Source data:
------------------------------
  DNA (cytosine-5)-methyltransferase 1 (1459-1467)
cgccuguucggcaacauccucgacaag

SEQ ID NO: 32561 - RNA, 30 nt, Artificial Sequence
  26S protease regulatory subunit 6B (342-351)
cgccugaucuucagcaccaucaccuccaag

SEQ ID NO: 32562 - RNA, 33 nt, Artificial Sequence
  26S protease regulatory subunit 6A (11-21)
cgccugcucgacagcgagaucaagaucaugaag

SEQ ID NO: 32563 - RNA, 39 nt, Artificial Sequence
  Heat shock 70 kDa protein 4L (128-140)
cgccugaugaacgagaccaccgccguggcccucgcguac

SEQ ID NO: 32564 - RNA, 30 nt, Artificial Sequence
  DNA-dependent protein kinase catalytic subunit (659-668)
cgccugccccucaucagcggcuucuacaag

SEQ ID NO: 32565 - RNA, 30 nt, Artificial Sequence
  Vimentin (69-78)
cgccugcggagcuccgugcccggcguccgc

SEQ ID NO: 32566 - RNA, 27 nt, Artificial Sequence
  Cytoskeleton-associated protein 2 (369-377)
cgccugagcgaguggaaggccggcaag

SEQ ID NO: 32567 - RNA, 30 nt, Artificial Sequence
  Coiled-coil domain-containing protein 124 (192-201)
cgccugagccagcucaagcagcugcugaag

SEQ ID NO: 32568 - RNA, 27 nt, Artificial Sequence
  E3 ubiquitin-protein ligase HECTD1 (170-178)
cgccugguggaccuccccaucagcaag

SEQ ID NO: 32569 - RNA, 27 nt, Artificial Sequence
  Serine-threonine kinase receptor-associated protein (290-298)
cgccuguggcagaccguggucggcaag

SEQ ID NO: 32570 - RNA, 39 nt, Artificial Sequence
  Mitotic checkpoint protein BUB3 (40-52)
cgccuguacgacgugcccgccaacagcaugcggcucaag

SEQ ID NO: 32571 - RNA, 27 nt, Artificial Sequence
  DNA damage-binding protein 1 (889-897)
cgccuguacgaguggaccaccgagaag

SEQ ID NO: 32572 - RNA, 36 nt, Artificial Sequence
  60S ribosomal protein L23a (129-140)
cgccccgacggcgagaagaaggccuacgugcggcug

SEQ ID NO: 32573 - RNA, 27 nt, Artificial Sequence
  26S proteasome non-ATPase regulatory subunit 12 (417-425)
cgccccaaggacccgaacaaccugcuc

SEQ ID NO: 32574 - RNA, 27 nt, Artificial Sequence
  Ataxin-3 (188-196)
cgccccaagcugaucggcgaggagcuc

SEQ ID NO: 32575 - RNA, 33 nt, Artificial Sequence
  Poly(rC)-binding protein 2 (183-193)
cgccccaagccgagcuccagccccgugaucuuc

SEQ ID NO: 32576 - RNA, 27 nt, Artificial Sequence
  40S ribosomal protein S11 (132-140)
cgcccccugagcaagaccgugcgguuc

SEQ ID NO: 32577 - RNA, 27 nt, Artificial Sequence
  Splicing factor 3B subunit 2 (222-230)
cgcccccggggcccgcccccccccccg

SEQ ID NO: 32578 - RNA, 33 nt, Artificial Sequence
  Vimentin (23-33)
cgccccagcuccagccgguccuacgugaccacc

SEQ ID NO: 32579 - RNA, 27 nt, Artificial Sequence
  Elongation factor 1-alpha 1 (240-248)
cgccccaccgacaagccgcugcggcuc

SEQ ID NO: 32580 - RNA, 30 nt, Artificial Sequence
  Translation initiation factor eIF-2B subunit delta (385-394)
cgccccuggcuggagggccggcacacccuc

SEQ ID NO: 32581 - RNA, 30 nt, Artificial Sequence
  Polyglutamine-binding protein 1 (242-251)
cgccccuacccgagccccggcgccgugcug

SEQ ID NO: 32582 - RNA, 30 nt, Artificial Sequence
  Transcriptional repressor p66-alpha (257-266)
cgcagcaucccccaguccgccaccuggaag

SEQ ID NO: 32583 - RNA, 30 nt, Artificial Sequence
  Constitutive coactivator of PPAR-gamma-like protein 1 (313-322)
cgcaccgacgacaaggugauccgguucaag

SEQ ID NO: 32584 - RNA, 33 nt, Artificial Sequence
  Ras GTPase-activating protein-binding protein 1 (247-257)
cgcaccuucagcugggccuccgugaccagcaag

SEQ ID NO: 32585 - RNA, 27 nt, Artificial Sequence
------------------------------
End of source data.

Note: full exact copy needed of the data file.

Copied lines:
  DNA (cytosine-5)-methyltransferase 1 (1459-1467)
cgccuguucggcaacauccucgacaag

SEQ ID NO: 32561 - RNA, 30 nt, Artificial Sequence
  26S protease regulatory subunit 6B (342-351)
cgccugaucuucagcaccaucaccuccaag

SEQ ID NO: 32562 - RNA, 33 nt, Artificial Sequence
  26S protease regulatory subunit 6A (11-21)
cgccugcucgacagcgagaucaagaucaugaag

SEQ ID NO: 32563 - RNA, 39 nt, Artificial Sequence
  Heat shock 70 kDa protein 4L (128-140)
cgccugaugaacgagaccaccgccguggcccucgcguac

SEQ ID NO: 32564 - RNA, 30 nt, Artificial Sequence
  DNA-dependent protein kinase catalytic subunit (659-668)
cgccugccccucaucagcggcuucuacaag

SEQ ID NO: 32565 - RNA, 30 nt, Artificial Sequence
  Vimentin (69-78)
cgccugcggagcuccgugcccggcguccgc

SEQ ID NO: 32566 - RNA, 27 nt, Artificial Sequence
  Cytoskeleton-associated protein 2 (369-377)
cgccugagcgaguggaaggccggcaag

SEQ ID NO: 32567 - RNA, 30 nt, Artificial Sequence
  Coiled-coil domain-containing protein 124 (192-201)
cgccugagccagcucaagcagcugcugaag

SEQ ID NO: 32568 - RNA, 27 nt, Artificial Sequence
  E3 ubiquitin-protein ligase HECTD1 (170-178)
cgccugguggaccuccccaucagcaag

SEQ ID NO: 32569 - RNA, 27 nt, Artificial Sequence
  Serine-threonine kinase receptor-associated protein (290-298)
cgccuguggcagaccguggucggcaag

SEQ ID NO: 32570 - RNA, 39 nt, Artificial Sequence
  Mitotic checkpoint protein BUB3 (40-52)
cgccuguacgacgugcccgccaacagcaugcggcucaag

SEQ ID NO: 32571 - RNA, 27 nt, Artificial Sequence
  DNA damage-binding protein 1 (889-897)
cgccuguacgaguggaccaccgagaag

SEQ ID NO: 32572 - RNA, 36 nt, Artificial Sequence
  60S ribosomal protein L23a (129-140)
cgccccgacggcgagaagaaggccuacgugcggcug

SEQ ID NO: 32573 - RNA, 27 nt, Artificial Sequence
  26S proteasome non-ATPase regulatory subunit 12 (417-425)
cgccccaaggacccgaacaaccugcuc

SEQ ID NO: 32574 - RNA, 27 nt, Artificial Sequence
  Ataxin-3 (188-196)
cgccccaagcugaucggcgaggagcuc

SEQ ID NO: 32575 - RNA, 33 nt, Artificial Sequence
  Poly(rC)-binding protein 2 (183-193)
cgccccaagccgagcuccagccccgugaucuuc

SEQ ID NO: 32576 - RNA, 27 nt, Artificial Sequence
  40S ribosomal protein S11 (132-140)
cgcccccugagcaagaccgugcgguuc

SEQ ID NO: 32577 - RNA, 27 nt, Artificial Sequence
  Splicing factor 3B subunit 2 (222-230)
cgcccccggggcccgcccccccccccg

SEQ ID NO: 32578 - RNA, 33 nt, Artificial Sequence
  Vimentin (23-33)
cgccccagcuccagccgguccuacgugaccacc

SEQ ID NO: 32579 - RNA, 27 nt, Artificial Sequence
  Elongation factor 1-alpha 1 (240-248)
cgccccaccgacaagccgcugcggcuc

SEQ ID NO: 32580 - RNA, 30 nt, Artificial Sequence
  Translation initiation factor eIF-2B subunit delta (385-394)
cgccccuggcuggagggccggcacacccuc

SEQ ID NO: 32581 - RNA, 30 nt, Artificial Sequence
  Polyglutamine-binding protein 1 (242-251)
cgccccuacccgagccccggcgccgugcug

SEQ ID NO: 32582 - RNA, 30 nt, Artificial Sequence
  Transcriptional repressor p66-alpha (257-266)
cgcagcaucccccaguccgccaccuggaag

SEQ ID NO: 32583 - RNA, 30 nt, Artificial Sequence
  Constitutive coactivator of PPAR-gamma-like protein 1 (313-322)
cgcaccgacgacaaggugauccgguucaag

SEQ ID NO: 32584 - RNA, 33 nt, Artificial Sequence
  Ras GTPase-activating protein-binding protein 1 (247-257)
cgcaccuucagcugggccuccgugaccagcaag

SEQ ID NO: 32585 - RNA, 27 nt, Artificial Sequence